Our first day climbing on our own was quite an interesting day. It did not go as planned.
We went back to Superhero Wall and Dan climbed easily on lead. He placed lots of good pieces on his way up. He took his time and climbed really smoothly. Problem came at the top.
The moves to get over to the rap rings were really tricky and Dan was stumped. It took a while but eventually he figured a way to get them clipped by climbing up on top of the rock they were fastened to. He reached underneath and clipped them. He then clipped himself in and had to down climb to get underneath them. Tricky business. He hadn’t brought rap gear expecting to be lowered from quickdraws clipped to the rap rings. I lowered him straight down from the rap rings. The gear did not get cleaned.
After watching Dan struggle, I did not want to repeat the climb. We decided to hike up to the top and see if we could build a top rope anchor to rappel down and clean the gear. He hiked the way Joey had gone the day before. It was pretty tricky and did not feel safe but we made it up. We found a place near the very top where we could place two groups of cams. Dan placed three in one crack and I placed two in another. We then created the anchor the way we had been taught. We were feeling good about it so we decided to go down and get the rope for a rap. Five cams is total overkill but being our first gear anchor, we wanted to over build it.
We headed down the back of the rocks and found a much easier but longer way down. We only had enough gear for one person to rappel so one would have to walk back down. We decided I would rappel and Dan would wait at the top to clean the anchor when I was down. He could also monitor the anchor and let me know if it seemed any of the pieces were moving. We tied knots in the ends of the rope and threw it down. The rope did not drop to the ground. These climbs were easier, slabby climbs and not quite vertical. The rope stopped on a ledge not far from the top.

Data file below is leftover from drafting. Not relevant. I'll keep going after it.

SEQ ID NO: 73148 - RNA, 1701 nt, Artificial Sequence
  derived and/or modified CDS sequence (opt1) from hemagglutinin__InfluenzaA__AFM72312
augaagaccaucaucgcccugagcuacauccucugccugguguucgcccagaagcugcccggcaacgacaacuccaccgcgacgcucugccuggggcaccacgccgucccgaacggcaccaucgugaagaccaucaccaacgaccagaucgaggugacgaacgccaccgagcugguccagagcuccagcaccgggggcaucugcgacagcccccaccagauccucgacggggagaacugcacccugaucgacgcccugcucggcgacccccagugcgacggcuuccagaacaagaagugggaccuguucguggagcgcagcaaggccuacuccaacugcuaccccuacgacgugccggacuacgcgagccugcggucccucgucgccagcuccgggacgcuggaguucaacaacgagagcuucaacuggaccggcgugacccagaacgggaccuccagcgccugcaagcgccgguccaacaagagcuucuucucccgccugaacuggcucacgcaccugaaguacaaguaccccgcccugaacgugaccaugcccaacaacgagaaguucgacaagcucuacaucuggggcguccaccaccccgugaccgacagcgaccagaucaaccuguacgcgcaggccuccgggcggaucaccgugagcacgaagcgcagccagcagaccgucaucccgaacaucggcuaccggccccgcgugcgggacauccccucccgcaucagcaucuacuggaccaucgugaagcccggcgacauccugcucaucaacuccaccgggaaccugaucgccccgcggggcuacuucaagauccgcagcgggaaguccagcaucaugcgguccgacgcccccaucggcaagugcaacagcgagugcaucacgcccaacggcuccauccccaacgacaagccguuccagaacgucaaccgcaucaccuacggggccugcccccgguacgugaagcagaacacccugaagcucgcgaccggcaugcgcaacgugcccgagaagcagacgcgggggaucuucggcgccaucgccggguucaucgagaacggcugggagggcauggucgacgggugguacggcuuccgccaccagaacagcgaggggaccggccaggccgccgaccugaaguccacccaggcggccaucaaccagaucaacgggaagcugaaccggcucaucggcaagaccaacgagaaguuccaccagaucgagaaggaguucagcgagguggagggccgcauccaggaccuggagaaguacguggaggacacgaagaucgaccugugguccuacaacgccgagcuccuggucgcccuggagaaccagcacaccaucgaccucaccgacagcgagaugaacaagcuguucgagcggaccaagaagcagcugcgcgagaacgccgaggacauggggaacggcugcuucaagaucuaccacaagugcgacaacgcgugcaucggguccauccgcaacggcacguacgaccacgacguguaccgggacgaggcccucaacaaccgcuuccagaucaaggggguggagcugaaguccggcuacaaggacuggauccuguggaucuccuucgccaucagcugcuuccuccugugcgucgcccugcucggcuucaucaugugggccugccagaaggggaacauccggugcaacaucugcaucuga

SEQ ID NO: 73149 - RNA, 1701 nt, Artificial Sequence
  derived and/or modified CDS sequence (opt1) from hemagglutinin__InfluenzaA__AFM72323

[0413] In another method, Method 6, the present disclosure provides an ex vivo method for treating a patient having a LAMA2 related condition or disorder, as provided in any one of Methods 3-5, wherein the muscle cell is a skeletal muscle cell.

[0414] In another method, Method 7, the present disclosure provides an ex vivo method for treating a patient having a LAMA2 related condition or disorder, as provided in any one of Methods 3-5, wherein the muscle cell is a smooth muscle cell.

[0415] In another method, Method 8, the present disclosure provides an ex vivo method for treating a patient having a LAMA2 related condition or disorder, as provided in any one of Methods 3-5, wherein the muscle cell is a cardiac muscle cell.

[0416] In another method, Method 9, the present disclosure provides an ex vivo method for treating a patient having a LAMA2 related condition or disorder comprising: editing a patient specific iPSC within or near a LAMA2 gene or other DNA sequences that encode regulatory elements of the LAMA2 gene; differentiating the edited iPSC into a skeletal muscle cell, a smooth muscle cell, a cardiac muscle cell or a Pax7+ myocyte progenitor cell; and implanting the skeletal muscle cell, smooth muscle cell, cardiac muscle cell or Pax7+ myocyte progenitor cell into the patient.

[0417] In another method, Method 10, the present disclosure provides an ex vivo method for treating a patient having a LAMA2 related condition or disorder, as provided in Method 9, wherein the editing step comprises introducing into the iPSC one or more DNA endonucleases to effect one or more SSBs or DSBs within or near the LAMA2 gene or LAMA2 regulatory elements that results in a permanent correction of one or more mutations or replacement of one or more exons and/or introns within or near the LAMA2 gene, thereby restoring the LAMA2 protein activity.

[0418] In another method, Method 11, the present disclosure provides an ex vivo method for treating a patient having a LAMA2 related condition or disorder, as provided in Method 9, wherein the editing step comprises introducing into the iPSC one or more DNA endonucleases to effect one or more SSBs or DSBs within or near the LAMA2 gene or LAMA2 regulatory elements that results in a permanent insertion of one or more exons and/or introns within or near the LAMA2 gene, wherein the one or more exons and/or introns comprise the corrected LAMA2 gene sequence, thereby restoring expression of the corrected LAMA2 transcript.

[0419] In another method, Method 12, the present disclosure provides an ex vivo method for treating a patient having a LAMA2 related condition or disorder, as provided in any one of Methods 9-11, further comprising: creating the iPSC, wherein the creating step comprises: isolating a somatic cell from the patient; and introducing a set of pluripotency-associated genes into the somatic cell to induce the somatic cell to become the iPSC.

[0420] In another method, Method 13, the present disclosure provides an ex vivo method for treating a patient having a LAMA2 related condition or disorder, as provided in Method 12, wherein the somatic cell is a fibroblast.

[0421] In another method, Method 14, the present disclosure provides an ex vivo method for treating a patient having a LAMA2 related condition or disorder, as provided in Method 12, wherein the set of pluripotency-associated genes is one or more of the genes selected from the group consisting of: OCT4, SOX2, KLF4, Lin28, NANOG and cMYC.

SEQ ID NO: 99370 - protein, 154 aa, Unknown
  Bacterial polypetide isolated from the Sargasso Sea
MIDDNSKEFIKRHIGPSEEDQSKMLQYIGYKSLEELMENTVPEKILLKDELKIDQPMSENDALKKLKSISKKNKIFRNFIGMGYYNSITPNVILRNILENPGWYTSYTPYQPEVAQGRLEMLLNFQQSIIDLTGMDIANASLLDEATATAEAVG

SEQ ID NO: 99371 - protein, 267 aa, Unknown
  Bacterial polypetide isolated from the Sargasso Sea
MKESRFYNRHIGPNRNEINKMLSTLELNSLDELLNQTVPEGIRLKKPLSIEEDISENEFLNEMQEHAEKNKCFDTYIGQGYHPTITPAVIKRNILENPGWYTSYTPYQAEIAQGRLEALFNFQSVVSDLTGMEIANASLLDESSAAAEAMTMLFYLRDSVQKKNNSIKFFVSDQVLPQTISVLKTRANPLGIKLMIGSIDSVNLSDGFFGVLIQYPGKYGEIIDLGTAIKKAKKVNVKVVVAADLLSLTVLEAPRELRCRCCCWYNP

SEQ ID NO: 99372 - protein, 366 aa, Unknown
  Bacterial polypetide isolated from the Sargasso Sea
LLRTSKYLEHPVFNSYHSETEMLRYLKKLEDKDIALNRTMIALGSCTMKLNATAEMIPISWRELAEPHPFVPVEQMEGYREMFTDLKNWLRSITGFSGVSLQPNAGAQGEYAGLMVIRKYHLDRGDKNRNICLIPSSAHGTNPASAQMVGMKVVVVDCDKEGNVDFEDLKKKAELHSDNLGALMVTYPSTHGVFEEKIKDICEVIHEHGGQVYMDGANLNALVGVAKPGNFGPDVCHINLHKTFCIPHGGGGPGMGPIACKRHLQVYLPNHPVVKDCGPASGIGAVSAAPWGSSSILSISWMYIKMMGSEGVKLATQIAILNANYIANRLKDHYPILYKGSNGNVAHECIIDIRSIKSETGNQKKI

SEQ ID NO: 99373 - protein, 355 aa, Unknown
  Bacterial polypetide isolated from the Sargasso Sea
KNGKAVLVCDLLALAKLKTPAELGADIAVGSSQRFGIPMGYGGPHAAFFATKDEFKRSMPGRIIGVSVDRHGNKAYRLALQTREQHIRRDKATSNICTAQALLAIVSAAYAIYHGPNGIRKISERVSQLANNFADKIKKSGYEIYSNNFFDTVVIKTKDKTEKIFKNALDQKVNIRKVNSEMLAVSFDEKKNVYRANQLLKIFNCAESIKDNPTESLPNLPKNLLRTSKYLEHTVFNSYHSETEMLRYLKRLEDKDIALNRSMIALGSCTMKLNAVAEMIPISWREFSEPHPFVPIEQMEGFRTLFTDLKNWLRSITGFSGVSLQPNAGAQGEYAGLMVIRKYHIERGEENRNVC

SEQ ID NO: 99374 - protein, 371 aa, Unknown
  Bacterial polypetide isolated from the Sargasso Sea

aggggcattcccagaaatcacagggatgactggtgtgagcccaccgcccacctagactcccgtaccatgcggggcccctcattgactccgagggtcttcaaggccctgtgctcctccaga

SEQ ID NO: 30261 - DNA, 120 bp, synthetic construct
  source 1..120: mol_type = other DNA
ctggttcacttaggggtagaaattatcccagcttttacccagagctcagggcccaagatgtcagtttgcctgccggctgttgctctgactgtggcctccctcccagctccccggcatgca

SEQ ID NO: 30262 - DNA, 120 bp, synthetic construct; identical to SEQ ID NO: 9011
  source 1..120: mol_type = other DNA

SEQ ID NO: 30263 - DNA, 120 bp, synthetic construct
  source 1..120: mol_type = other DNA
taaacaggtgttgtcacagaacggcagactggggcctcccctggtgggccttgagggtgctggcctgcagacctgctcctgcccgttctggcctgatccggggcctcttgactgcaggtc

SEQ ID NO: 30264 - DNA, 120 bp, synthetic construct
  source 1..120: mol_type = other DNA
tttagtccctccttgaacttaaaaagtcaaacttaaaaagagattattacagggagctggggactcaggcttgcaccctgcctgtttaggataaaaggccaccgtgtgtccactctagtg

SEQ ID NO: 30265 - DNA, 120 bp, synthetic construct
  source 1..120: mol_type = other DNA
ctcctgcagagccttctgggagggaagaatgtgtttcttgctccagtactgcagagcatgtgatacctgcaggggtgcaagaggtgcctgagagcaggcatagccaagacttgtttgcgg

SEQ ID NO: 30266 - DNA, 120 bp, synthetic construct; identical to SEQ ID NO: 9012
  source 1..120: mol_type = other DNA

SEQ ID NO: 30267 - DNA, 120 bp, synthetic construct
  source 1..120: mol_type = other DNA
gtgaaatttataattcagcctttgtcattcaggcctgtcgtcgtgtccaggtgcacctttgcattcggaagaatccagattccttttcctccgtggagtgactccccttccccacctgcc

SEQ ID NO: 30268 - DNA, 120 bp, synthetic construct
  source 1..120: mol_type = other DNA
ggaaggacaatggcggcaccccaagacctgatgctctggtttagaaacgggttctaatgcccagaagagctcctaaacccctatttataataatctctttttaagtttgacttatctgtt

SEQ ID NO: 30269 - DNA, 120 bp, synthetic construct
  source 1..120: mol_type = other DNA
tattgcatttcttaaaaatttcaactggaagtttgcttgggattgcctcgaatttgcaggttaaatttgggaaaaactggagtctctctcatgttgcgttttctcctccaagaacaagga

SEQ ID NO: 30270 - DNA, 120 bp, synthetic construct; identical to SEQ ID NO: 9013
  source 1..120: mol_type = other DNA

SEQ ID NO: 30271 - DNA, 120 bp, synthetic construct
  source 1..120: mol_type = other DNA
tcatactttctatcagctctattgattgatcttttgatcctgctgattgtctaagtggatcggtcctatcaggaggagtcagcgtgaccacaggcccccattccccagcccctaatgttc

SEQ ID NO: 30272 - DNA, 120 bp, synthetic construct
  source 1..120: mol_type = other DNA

I had a tough time setting up my rappel. It’s funny, I’ve done it hundreds of times and it should be routine. For some reason, I doubted it was right. I kept checking it again and again. I couldn’t make the rope move through the device at first.
Finally I got underway. I went down to where the rope was stuck on the ledge, gathered it up and threw it down. Then I realized I was below the first gear, the quickdraws hanging from the rappel rings. I had to traverse way to the left and climb a bit to get at them. For the furthest one, I had my right hand in a hand hold and I had to reach way out left, hoping I wouldn’t come off. It would have meant a long painful swing back to the right.
After that I was able to rappel down the route and clean the gear. Only problem was the rope wanted to drop to the right and one end was stuck in a crack. The knot was sticking up out of the crack so even if I’d had enough rope to get down, we wouldn’t have been able to pull it from the ground.
It was hard to work my way over to the side because the rope above me caught on a chicken head. I had to climb up to create some slack and swing it over the chicken head. What an adventure rappel!
Once I was down, I pulled the rope and it came with no problems. Dan cleaned the anchor and hiked back around. He told me later that none of the pieces had moved at all. That was a real confidence builder. I rapped safely on an anchor we had created out of gear. We solved a lot of problems together and figured out how to get down safely and recover all of our gear.
We then decided to hike over to the Atlantis Wall and check it out. It was a short walk from the truck. We didn’t bring gear. We were done with climbing for the day but we wanted to start planning tomorrow.
There were a lot of people climbing there. We met one group of about eight climbing a tough looking wall. Then we walked in further and there was a guided group and a school group, about 8 top ropes spread out across the wall. We decided not to climb there.
However, we did hike up to the top and look at how the top ropes were set up. It was an easy walk and some really interesting anchor configurations. There was a lot of use of the boulders at the top. People had slung their static lines around a boulder and then the second leg was a row of cams stuck in a crack or cams between the bottom of the boulder and the rock it was sitting on. That gave us some really good ideas on how to use natural features to build solid anchors.
Overall a day full of learning and great experiences. Not the plan but a satisfying day nonetheless.